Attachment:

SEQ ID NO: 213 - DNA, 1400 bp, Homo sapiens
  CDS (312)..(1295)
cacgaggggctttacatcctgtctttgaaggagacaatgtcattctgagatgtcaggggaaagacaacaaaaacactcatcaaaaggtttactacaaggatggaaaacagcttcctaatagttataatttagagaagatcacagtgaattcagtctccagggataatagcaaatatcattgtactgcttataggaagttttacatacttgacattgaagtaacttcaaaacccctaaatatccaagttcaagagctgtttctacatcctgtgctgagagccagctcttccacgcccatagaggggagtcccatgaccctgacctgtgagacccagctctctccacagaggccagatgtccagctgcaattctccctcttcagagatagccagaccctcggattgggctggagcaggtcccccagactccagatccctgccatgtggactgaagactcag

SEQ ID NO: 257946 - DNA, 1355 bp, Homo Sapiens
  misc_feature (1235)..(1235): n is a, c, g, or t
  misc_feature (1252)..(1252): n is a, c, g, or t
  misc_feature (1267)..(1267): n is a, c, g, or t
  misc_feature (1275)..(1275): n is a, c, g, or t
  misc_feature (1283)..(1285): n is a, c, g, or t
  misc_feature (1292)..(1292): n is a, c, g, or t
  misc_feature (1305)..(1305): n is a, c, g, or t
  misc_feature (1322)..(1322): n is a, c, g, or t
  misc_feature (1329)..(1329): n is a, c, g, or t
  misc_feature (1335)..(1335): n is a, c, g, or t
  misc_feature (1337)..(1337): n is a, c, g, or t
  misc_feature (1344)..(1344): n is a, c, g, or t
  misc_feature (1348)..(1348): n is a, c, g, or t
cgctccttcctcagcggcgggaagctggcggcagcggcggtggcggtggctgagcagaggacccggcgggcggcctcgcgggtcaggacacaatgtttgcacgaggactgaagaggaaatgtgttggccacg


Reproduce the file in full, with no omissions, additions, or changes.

SEQ ID NO: 213 - DNA, 1400 bp, Homo sapiens
  CDS (312)..(1295)
cacgaggggctttacatcctgtctttgaaggagacaatgtcattctgagatgtcaggggaaagacaacaaaaacactcatcaaaaggtttactacaaggatggaaaacagcttcctaatagttataatttagagaagatcacagtgaattcagtctccagggataatagcaaatatcattgtactgcttataggaagttttacatacttgacattgaagtaacttcaaaacccctaaatatccaagttcaagagctgtttctacatcctgtgctgagagccagctcttccacgcccatagaggggagtcccatgaccctgacctgtgagacccagctctctccacagaggccagatgtccagctgcaattctccctcttcagagatagccagaccctcggattgggctggagcaggtcccccagactccagatccctgccatgtggactgaagactcag

SEQ ID NO: 257946 - DNA, 1355 bp, Homo Sapiens
  misc_feature (1235)..(1235): n is a, c, g, or t
  misc_feature (1252)..(1252): n is a, c, g, or t
  misc_feature (1267)..(1267): n is a, c, g, or t
  misc_feature (1275)..(1275): n is a, c, g, or t
  misc_feature (1283)..(1285): n is a, c, g, or t
  misc_feature (1292)..(1292): n is a, c, g, or t
  misc_feature (1305)..(1305): n is a, c, g, or t
  misc_feature (1322)..(1322): n is a, c, g, or t
  misc_feature (1329)..(1329): n is a, c, g, or t
  misc_feature (1335)..(1335): n is a, c, g, or t
  misc_feature (1337)..(1337): n is a, c, g, or t
  misc_feature (1344)..(1344): n is a, c, g, or t
  misc_feature (1348)..(1348): n is a, c, g, or t
cgctccttcctcagcggcgggaagctggcggcagcggcggtggcggtggctgagcagaggacccggcgggcggcctcgcgggtcaggacacaatgtttgcacgaggactgaagaggaaatgtgttggccacg